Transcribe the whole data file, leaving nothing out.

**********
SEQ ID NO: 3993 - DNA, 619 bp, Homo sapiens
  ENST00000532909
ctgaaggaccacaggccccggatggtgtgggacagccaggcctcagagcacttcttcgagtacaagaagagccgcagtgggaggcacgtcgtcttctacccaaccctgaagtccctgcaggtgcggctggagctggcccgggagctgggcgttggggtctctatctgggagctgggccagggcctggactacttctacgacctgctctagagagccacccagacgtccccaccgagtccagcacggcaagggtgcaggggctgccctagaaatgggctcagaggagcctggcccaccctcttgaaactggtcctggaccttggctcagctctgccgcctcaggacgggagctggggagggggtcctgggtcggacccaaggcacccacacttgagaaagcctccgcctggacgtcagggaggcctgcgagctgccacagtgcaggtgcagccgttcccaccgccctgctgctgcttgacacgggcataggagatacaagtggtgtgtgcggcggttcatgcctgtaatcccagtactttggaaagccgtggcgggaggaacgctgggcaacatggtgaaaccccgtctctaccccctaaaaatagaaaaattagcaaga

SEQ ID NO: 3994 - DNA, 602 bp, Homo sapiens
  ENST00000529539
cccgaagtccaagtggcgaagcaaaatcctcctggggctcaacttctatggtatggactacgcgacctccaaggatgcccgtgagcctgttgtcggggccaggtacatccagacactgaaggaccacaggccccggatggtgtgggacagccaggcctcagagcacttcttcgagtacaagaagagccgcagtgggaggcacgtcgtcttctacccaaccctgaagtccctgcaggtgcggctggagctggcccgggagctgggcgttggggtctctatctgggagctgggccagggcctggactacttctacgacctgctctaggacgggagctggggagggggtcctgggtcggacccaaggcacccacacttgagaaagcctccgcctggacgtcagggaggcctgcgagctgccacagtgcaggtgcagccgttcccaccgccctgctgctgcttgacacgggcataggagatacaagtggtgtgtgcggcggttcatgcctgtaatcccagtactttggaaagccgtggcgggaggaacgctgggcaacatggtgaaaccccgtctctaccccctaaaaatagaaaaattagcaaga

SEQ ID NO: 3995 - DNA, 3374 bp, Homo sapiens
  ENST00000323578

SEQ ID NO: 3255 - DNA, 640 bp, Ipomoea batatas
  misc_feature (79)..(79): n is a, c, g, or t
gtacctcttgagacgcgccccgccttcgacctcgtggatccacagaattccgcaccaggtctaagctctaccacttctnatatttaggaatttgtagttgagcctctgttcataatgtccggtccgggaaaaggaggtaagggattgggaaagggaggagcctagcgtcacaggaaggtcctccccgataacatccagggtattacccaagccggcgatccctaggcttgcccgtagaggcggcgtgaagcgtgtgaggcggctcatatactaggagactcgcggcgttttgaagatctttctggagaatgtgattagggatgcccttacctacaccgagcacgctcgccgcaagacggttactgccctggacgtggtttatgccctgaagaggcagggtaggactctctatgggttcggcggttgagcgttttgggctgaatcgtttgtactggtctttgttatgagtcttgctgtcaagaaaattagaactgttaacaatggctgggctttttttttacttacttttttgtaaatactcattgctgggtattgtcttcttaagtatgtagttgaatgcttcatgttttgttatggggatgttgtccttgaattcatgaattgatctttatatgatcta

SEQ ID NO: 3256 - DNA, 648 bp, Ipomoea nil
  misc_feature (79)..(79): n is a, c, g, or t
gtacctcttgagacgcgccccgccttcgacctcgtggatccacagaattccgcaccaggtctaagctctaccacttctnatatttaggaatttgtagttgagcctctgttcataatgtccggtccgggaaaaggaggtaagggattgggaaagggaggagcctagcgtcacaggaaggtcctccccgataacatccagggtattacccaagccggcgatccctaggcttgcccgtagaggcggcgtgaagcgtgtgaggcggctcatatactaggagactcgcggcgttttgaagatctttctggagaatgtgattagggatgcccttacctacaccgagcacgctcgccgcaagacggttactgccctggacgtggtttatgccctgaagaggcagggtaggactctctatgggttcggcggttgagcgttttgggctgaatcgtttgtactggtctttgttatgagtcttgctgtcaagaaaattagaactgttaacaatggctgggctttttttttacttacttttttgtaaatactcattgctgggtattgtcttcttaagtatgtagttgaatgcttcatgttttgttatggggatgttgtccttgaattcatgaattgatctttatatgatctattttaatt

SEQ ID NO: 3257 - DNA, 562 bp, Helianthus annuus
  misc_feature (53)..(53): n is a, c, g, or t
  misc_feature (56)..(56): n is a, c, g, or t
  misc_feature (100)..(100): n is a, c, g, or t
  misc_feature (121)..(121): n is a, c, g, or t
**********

SEQ ID NO: 3993 - DNA, 619 bp, Homo sapiens
  ENST00000532909
ctgaaggaccacaggccccggatggtgtgggacagccaggcctcagagcacttcttcgagtacaagaagagccgcagtgggaggcacgtcgtcttctacccaaccctgaagtccctgcaggtgcggctggagctggcccgggagctgggcgttggggtctctatctgggagctgggccagggcctggactacttctacgacctgctctagagagccacccagacgtccccaccgagtccagcacggcaagggtgcaggggctgccctagaaatgggctcagaggagcctggcccaccctcttgaaactggtcctggaccttggctcagctctgccgcctcaggacgggagctggggagggggtcctgggtcggacccaaggcacccacacttgagaaagcctccgcctggacgtcagggaggcctgcgagctgccacagtgcaggtgcagccgttcccaccgccctgctgctgcttgacacgggcataggagatacaagtggtgtgtgcggcggttcatgcctgtaatcccagtactttggaaagccgtggcgggaggaacgctgggcaacatggtgaaaccccgtctctaccccctaaaaatagaaaaattagcaaga

SEQ ID NO: 3994 - DNA, 602 bp, Homo sapiens
  ENST00000529539
cccgaagtccaagtggcgaagcaaaatcctcctggggctcaacttctatggtatggactacgcgacctccaaggatgcccgtgagcctgttgtcggggccaggtacatccagacactgaaggaccacaggccccggatggtgtgggacagccaggcctcagagcacttcttcgagtacaagaagagccgcagtgggaggcacgtcgtcttctacccaaccctgaagtccctgcaggtgcggctggagctggcccgggagctgggcgttggggtctctatctgggagctgggccagggcctggactacttctacgacctgctctaggacgggagctggggagggggtcctgggtcggacccaaggcacccacacttgagaaagcctccgcctggacgtcagggaggcctgcgagctgccacagtgcaggtgcagccgttcccaccgccctgctgctgcttgacacgggcataggagatacaagtggtgtgtgcggcggttcatgcctgtaatcccagtactttggaaagccgtggcgggaggaacgctgggcaacatggtgaaaccccgtctctaccccctaaaaatagaaaaattagcaaga

SEQ ID NO: 3995 - DNA, 3374 bp, Homo sapiens
  ENST00000323578

SEQ ID NO: 3255 - DNA, 640 bp, Ipomoea batatas
  misc_feature (79)..(79): n is a, c, g, or t
gtacctcttgagacgcgccccgccttcgacctcgtggatccacagaattccgcaccaggtctaagctctaccacttctnatatttaggaatttgtagttgagcctctgttcataatgtccggtccgggaaaaggaggtaagggattgggaaagggaggagcctagcgtcacaggaaggtcctccccgataacatccagggtattacccaagccggcgatccctaggcttgcccgtagaggcggcgtgaagcgtgtgaggcggctcatatactaggagactcgcggcgttttgaagatctttctggagaatgtgattagggatgcccttacctacaccgagcacgctcgccgcaagacggttactgccctggacgtggtttatgccctgaagaggcagggtaggactctctatgggttcggcggttgagcgttttgggctgaatcgtttgtactggtctttgttatgagtcttgctgtcaagaaaattagaactgttaacaatggctgggctttttttttacttacttttttgtaaatactcattgctgggtattgtcttcttaagtatgtagttgaatgcttcatgttttgttatggggatgttgtccttgaattcatgaattgatctttatatgatcta

SEQ ID NO: 3256 - DNA, 648 bp, Ipomoea nil
  misc_feature (79)..(79): n is a, c, g, or t
gtacctcttgagacgcgccccgccttcgacctcgtggatccacagaattccgcaccaggtctaagctctaccacttctnatatttaggaatttgtagttgagcctctgttcataatgtccggtccgggaaaaggaggtaagggattgggaaagggaggagcctagcgtcacaggaaggtcctccccgataacatccagggtattacccaagccggcgatccctaggcttgcccgtagaggcggcgtgaagcgtgtgaggcggctcatatactaggagactcgcggcgttttgaagatctttctggagaatgtgattagggatgcccttacctacaccgagcacgctcgccgcaagacggttactgccctggacgtggtttatgccctgaagaggcagggtaggactctctatgggttcggcggttgagcgttttgggctgaatcgtttgtactggtctttgttatgagtcttgctgtcaagaaaattagaactgttaacaatggctgggctttttttttacttacttttttgtaaatactcattgctgggtattgtcttcttaagtatgtagttgaatgcttcatgttttgttatggggatgttgtccttgaattcatgaattgatctttatatgatctattttaatt

SEQ ID NO: 3257 - DNA, 562 bp, Helianthus annuus
  misc_feature (53)..(53): n is a, c, g, or t
  misc_feature (56)..(56): n is a, c, g, or t
  misc_feature (100)..(100): n is a, c, g, or t
  misc_feature (121)..(121): n is a, c, g, or t